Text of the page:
Work progressing on new county hall

WORK is on schedule to complete a new complex for Suffolk County Council by the end of next April.The authority was the major beneficiary of the demise of TXU – it inherited a 60% built five storey Ipswich headquarters for the knock down price of £16.

By Graham Dines

WORK is on schedule to complete a new complex for Suffolk County Council by the end of next April.

The authority was the major beneficiary of the demise of TXU – it inherited a 60% built five storey Ipswich headquarters for the knock down price of £16.9millon.

To be known as Endeavour House, it will replace the existing County Hall in St Helen's Street which comprises of four separate office buildings.


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In charge of the project is Peter Revell, who spent 18 years in quality management for Eastern Group and who was assigned by TXU in September 2001 to oversee construction work.

When Powergem took over TXU and abandoned the headquarters in mid construction, he was tasked to continue his work for the county council once it had negotiated its purchase.

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"If the county council had decided to move to a new headquarters with just £16.9m to spend, it would have ended up with a functional building, probably of pre-fabricated construction," says Mr Revell.

"But it has taken over a £40million top of the range building in the style and quality of City of London headquarters, on which TXU had already spent more than £23m."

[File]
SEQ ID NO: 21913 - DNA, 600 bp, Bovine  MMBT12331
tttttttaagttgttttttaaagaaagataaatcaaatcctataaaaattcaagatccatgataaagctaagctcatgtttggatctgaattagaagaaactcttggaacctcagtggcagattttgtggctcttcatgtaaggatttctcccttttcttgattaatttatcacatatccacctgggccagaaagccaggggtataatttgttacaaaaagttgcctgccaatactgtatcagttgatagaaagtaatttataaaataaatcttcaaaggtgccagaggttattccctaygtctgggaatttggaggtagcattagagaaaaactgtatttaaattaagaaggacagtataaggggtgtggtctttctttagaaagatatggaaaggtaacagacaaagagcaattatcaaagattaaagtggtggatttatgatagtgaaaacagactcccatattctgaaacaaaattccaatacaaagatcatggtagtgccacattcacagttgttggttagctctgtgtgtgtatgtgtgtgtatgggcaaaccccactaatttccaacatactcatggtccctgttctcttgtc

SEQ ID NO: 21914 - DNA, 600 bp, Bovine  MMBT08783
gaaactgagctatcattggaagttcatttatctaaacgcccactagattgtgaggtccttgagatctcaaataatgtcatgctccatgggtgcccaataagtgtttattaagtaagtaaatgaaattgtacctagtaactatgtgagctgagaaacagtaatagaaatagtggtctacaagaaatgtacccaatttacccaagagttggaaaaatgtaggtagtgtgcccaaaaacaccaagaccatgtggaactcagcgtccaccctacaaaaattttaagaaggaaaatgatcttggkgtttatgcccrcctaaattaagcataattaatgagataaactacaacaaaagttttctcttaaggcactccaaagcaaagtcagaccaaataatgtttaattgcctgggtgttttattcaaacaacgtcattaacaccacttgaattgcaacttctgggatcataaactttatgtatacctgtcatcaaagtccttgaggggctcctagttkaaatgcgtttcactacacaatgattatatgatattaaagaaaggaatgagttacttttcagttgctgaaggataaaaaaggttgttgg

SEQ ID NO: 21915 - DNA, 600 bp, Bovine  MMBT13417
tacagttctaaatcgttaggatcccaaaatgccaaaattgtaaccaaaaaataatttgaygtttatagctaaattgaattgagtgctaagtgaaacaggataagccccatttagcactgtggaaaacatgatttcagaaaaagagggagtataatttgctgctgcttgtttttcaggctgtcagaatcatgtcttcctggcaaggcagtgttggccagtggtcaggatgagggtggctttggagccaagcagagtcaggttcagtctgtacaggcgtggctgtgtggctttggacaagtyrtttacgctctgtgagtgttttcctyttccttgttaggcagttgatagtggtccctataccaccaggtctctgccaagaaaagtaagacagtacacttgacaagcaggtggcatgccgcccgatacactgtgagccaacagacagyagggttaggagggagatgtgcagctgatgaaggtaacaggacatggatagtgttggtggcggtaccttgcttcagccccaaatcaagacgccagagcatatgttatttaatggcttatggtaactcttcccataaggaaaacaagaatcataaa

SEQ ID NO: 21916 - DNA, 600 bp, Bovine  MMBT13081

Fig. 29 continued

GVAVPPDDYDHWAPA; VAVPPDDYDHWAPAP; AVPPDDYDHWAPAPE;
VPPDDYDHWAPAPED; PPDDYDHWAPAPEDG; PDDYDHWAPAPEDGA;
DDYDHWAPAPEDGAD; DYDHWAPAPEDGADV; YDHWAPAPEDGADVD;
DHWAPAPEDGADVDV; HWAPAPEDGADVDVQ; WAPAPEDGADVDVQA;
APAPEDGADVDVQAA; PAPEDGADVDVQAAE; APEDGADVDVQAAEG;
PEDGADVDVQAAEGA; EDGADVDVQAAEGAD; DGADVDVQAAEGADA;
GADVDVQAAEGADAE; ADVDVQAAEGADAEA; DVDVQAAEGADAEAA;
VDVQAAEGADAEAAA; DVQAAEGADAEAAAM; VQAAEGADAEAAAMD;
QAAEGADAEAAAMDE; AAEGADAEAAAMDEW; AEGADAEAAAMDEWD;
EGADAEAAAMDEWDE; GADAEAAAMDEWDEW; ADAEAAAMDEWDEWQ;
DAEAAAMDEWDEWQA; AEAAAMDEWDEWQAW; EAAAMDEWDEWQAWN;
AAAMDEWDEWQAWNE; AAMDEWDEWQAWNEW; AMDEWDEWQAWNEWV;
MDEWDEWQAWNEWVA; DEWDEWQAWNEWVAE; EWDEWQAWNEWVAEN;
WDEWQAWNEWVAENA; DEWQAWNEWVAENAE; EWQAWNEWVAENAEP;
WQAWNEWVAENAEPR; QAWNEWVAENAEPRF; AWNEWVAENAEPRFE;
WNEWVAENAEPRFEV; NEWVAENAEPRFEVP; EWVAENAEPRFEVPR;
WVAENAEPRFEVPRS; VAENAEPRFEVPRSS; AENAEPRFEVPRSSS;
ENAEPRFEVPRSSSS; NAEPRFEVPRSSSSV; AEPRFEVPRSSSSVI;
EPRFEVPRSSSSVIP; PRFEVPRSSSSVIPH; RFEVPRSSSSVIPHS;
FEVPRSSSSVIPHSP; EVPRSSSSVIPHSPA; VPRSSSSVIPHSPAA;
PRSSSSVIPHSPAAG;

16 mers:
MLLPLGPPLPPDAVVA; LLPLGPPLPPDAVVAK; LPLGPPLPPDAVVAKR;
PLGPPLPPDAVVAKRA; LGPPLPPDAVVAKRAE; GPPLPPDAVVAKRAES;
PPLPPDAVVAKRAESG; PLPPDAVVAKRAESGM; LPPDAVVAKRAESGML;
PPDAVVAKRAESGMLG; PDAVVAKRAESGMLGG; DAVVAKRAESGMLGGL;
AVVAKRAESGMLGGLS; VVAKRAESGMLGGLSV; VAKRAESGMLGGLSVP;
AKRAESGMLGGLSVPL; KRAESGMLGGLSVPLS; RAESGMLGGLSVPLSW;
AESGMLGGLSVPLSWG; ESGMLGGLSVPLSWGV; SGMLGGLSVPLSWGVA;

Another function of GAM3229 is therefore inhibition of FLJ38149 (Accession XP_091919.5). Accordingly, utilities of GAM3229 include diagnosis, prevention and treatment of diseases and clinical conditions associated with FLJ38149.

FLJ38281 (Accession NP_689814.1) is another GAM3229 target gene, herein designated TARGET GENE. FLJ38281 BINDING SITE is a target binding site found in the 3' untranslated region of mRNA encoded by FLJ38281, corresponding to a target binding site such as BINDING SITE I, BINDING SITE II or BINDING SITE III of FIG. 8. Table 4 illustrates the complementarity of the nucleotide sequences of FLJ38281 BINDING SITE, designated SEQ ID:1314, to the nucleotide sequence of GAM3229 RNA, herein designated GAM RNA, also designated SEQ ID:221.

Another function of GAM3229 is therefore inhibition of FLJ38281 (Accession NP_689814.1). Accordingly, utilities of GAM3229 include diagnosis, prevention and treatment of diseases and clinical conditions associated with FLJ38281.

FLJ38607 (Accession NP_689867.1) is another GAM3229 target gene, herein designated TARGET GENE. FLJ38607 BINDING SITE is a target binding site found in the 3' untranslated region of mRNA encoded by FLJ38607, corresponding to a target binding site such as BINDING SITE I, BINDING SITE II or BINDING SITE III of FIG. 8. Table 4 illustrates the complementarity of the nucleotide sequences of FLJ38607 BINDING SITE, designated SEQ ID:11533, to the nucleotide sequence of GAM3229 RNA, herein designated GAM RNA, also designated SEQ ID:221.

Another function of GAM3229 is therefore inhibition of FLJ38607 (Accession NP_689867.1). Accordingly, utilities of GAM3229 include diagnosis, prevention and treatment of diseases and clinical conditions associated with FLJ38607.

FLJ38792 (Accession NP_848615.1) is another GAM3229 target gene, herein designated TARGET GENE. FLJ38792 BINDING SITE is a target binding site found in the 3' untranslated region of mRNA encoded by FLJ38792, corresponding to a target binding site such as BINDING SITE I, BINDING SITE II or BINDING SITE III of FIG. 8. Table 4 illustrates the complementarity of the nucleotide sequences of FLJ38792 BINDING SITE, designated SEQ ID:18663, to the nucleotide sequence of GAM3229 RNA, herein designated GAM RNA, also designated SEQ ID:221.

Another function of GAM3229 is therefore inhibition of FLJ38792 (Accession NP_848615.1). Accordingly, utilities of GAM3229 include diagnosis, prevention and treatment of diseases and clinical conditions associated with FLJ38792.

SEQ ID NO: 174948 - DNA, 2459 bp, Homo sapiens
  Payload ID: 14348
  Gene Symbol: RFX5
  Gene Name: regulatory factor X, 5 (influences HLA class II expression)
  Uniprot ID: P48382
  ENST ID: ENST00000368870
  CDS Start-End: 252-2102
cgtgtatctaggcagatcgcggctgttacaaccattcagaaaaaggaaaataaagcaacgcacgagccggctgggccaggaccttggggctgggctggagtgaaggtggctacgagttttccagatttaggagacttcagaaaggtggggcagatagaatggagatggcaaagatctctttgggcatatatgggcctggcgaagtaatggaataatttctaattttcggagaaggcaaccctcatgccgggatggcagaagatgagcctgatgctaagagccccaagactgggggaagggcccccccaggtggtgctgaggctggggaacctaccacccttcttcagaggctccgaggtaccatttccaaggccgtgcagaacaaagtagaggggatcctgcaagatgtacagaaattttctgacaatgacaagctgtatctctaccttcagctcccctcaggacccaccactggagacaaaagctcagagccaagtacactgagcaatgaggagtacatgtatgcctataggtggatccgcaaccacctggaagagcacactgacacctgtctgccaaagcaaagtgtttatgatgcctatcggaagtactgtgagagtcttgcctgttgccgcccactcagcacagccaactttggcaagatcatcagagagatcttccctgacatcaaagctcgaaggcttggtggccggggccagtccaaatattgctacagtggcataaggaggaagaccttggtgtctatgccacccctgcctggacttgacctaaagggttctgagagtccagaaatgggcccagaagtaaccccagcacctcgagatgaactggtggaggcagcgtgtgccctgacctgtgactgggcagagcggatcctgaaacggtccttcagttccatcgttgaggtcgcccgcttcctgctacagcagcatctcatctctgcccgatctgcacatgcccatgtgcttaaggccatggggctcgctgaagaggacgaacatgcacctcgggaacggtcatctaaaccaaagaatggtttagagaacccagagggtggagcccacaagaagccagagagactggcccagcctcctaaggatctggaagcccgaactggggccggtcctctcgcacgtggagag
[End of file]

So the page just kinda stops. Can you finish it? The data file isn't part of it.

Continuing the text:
The new county hall – to be known as Endeavour House – will be one of the most state-of-the-art office complexes in East Anglia.

The design incorporates two blocks joined by a glass-covered atrium with linked walkways. At either end of the atrium – bigger than that at county hall in Chelmsford – will be two "town squares" with the aim of creating a street scene atmosphere to promote a spirit of community within the council organisation.

"We are not just building a set of offices but creating a work environment to help strike a balance between service delivery and employees' cultural aspirations," says Mr Revell.

Anne Bailey, the assistant director in charge of council communications, says the complex will enable employees to work together as a team, which is impossible at the existing county hall.

"Our present headquarters staff are scattered over a large site in separate buildings. At Endeavour House, we will be able to have education and social services staff working alongside each other on proving services for children. It will be a far more efficient set-up."

Underground reservoirs will collect rainwater, which will then be recycled, and pumped around the building for use in toilets and wash rooms.

Perhaps the most surprising aspect of the headquarters of an organisation that tries to cajole other employers to limit car parking and force staff onto public transport, is the provision of a multi-story car park with 529 spaces for its own employees.

Mrs Bailey denies this is hypocrisy. "It is 200 fewer than our present building, but many of our employees do have to use cars on council business.

"We hope that the proximity to Ipswich station will encourage out-of-town employees to commute by train, and we are providing plenty of space for cycles."

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